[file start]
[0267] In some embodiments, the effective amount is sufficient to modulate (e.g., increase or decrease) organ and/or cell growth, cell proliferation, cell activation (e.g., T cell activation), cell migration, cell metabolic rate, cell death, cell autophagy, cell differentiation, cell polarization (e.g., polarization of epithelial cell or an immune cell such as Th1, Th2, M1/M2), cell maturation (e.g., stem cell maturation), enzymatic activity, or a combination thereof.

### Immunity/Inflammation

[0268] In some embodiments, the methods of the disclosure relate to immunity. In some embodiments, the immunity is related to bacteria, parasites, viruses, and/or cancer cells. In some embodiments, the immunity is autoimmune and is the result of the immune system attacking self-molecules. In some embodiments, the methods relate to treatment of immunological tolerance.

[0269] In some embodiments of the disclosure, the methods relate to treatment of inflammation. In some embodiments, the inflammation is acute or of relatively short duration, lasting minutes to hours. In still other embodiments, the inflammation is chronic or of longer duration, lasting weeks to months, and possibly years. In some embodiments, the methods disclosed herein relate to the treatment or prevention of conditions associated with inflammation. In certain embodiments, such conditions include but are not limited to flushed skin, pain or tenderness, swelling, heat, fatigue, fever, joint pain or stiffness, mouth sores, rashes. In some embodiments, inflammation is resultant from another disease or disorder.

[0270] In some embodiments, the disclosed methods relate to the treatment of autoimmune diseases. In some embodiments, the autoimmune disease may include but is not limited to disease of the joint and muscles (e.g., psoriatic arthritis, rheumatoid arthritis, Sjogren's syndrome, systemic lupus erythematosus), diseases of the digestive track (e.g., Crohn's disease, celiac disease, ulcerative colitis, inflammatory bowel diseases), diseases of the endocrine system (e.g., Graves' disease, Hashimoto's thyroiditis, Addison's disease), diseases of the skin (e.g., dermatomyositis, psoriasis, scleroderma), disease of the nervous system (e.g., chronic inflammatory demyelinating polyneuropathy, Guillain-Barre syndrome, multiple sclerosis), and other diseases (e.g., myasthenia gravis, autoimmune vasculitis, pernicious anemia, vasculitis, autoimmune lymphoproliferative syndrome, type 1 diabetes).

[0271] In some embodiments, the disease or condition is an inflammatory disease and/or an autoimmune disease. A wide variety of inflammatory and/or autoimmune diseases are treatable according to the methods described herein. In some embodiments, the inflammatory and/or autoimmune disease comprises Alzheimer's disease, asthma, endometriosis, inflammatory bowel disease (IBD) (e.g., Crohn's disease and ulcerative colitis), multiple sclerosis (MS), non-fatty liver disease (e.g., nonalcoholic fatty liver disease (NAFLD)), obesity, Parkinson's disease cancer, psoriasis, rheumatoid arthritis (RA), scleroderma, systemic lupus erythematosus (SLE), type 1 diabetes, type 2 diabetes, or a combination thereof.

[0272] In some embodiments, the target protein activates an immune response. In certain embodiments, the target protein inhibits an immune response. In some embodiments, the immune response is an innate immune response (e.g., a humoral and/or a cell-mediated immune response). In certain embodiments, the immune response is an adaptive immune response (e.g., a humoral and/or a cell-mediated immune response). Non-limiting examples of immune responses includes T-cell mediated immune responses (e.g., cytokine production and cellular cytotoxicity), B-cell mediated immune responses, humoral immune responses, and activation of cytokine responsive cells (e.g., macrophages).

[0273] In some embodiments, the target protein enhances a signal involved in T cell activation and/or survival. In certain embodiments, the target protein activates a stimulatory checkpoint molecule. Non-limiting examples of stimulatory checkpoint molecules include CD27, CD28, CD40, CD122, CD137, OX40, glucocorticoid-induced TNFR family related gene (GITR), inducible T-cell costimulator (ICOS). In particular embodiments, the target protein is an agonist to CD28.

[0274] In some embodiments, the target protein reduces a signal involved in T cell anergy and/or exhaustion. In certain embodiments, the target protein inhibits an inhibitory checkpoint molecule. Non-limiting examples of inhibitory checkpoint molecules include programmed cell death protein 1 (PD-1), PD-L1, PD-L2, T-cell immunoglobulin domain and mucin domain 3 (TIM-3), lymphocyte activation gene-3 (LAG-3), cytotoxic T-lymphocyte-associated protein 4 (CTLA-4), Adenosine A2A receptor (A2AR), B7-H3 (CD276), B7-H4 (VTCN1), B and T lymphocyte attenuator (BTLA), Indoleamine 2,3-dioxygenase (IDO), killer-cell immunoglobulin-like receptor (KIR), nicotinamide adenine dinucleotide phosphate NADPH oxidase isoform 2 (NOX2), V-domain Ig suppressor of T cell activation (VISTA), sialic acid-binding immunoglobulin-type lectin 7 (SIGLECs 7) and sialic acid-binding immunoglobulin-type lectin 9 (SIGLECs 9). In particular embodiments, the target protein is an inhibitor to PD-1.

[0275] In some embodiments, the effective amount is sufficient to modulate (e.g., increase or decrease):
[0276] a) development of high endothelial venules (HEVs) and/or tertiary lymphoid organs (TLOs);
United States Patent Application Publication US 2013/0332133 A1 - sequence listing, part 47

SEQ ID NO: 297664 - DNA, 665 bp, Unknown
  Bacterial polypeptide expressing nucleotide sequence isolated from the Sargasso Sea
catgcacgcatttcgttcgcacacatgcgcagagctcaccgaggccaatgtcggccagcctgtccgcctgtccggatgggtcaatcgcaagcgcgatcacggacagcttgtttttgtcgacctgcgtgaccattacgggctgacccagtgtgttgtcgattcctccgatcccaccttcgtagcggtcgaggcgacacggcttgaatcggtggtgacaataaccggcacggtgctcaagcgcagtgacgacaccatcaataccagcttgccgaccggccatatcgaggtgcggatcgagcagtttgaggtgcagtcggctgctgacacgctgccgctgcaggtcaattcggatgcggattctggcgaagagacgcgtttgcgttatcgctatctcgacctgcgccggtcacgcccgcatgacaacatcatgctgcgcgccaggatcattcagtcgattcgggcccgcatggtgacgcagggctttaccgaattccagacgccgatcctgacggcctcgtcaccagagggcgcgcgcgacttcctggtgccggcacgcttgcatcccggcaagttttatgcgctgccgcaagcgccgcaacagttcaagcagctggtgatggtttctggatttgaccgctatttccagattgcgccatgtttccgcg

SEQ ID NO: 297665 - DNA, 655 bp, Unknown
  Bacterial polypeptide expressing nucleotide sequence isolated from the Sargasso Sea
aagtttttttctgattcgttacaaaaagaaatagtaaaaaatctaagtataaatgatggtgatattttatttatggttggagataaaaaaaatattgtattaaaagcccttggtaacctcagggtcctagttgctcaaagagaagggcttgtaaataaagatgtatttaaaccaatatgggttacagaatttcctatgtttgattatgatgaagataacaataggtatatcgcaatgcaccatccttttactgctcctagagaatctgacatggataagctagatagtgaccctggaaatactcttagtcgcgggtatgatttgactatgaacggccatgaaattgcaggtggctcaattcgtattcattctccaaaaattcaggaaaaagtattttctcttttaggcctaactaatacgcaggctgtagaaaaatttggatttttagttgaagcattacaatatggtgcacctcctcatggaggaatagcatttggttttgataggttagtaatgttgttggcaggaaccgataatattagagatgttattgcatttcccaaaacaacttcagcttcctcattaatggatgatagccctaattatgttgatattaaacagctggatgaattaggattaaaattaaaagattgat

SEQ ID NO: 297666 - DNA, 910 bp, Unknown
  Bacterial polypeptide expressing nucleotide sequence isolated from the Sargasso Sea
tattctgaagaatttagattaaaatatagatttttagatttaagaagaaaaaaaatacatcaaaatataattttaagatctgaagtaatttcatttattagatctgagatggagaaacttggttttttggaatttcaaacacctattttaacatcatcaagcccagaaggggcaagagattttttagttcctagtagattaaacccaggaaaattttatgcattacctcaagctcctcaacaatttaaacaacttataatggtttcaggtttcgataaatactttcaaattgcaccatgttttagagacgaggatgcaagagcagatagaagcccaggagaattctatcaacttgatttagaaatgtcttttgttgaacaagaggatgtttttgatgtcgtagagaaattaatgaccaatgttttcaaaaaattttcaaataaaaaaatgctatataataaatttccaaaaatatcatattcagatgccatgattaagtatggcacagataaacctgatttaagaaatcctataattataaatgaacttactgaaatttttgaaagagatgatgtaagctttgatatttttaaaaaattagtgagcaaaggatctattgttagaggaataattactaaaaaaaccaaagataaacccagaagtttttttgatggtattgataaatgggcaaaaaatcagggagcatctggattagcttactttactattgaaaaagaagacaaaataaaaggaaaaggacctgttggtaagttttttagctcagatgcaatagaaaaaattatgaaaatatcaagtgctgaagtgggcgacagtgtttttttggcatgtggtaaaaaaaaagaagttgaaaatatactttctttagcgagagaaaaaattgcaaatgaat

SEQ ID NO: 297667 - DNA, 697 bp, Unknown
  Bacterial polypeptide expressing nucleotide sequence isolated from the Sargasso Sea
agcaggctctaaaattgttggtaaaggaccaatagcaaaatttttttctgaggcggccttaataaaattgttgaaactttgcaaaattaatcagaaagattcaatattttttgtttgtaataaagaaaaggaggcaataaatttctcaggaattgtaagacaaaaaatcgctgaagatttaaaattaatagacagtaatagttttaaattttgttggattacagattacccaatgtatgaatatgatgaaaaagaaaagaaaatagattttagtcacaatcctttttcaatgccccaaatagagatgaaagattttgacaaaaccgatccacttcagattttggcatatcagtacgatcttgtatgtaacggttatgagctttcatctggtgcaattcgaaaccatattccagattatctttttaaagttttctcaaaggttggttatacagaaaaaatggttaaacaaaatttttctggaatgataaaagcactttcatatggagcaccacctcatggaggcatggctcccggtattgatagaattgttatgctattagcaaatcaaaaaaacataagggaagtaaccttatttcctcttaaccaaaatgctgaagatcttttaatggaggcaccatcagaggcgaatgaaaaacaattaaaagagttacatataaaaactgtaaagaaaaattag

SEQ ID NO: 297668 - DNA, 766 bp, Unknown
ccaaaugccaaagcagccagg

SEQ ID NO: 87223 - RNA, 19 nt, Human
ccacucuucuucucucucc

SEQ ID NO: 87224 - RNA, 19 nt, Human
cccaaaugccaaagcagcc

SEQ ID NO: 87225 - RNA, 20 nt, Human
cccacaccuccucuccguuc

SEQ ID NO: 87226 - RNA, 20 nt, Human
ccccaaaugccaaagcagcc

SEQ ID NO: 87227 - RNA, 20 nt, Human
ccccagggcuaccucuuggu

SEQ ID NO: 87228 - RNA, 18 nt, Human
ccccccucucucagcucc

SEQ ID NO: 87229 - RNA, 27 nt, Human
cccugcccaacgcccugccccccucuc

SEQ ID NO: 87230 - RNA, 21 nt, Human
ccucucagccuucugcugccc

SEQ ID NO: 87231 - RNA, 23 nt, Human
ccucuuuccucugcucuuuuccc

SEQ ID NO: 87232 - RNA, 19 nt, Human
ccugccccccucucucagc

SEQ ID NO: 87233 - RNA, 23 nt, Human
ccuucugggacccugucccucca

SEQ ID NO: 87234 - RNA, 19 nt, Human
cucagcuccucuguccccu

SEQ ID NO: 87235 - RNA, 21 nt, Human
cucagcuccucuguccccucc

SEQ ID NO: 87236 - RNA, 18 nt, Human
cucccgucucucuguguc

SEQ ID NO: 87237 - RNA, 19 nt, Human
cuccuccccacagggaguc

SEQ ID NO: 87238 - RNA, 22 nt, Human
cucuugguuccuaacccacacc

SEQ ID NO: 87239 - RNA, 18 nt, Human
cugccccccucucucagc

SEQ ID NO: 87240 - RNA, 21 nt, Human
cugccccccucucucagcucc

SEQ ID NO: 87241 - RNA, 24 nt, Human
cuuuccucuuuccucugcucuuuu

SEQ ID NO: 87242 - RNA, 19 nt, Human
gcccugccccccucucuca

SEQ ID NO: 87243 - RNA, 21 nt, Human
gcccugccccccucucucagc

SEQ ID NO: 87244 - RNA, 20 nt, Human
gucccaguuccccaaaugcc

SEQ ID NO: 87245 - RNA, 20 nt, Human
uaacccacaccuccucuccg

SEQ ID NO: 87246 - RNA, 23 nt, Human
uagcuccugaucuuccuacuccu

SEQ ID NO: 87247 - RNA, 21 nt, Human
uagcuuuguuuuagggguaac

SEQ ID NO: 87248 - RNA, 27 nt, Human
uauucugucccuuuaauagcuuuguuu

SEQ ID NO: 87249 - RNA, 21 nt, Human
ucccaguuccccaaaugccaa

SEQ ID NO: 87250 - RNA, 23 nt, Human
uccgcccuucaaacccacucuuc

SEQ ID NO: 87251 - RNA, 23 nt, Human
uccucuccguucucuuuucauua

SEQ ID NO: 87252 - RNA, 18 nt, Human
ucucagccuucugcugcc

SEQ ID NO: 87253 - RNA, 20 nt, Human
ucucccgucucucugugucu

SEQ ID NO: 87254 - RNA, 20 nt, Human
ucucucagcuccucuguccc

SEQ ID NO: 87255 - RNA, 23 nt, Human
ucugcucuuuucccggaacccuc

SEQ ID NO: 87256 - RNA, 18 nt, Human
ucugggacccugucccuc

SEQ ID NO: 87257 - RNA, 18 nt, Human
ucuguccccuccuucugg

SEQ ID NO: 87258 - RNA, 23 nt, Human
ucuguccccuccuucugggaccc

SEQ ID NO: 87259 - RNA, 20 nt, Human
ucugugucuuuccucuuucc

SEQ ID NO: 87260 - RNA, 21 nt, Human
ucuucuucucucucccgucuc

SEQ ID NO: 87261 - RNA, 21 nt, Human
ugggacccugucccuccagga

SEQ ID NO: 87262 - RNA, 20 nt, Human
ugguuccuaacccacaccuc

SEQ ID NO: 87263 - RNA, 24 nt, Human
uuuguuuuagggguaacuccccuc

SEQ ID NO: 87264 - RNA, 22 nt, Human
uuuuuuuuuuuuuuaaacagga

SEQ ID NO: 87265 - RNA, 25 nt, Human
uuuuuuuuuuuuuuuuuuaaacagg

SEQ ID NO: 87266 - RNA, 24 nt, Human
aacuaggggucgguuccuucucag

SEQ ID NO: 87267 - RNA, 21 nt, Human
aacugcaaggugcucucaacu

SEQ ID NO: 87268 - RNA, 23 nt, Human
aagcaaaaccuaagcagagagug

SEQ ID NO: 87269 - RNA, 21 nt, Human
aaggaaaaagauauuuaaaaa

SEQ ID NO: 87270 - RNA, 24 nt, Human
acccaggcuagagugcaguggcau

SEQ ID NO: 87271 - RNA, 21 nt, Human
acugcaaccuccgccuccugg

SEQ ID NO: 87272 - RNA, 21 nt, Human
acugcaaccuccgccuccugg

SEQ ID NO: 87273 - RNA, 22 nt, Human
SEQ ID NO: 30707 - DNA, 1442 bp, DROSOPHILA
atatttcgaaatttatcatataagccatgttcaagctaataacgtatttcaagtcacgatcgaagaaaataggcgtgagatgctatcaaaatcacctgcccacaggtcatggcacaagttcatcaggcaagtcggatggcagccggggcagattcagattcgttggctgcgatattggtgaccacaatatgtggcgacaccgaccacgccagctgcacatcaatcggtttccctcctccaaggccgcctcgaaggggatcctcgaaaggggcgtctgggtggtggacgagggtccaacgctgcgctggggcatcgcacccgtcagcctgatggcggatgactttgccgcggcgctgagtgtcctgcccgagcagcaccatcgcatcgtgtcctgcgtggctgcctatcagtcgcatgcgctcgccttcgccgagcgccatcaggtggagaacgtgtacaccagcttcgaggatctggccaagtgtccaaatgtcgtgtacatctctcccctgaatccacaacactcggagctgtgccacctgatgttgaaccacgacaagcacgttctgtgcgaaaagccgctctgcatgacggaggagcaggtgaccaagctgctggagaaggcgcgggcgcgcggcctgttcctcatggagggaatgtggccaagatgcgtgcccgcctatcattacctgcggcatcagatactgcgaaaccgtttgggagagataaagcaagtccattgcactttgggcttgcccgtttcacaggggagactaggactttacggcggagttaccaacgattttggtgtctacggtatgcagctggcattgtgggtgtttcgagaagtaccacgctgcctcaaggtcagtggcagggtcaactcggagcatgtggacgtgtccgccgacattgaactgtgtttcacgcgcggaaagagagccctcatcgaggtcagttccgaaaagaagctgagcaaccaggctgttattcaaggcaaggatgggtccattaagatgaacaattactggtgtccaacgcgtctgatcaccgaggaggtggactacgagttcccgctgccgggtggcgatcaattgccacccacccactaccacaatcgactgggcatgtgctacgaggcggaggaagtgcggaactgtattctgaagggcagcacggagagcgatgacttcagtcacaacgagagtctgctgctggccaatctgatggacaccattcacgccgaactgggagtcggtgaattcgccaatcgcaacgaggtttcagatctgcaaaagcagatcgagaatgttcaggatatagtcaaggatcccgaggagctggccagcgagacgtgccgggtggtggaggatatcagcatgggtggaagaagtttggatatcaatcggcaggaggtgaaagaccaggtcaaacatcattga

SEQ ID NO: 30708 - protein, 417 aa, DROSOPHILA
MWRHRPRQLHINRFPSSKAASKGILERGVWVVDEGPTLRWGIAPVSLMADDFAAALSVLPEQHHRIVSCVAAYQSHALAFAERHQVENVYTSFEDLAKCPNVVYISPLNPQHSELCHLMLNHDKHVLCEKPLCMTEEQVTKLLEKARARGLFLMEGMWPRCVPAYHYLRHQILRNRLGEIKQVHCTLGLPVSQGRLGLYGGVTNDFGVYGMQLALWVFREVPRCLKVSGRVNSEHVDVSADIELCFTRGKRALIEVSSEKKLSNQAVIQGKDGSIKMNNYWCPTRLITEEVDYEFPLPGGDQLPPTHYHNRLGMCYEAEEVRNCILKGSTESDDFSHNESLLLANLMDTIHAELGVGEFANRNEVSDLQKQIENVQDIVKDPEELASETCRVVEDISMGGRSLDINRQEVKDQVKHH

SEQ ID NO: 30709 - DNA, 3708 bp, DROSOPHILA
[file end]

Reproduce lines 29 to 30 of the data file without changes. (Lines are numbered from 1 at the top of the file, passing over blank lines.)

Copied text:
SEQ ID NO: 87224 - RNA, 19 nt, Human
cccaaaugccaaagcagcc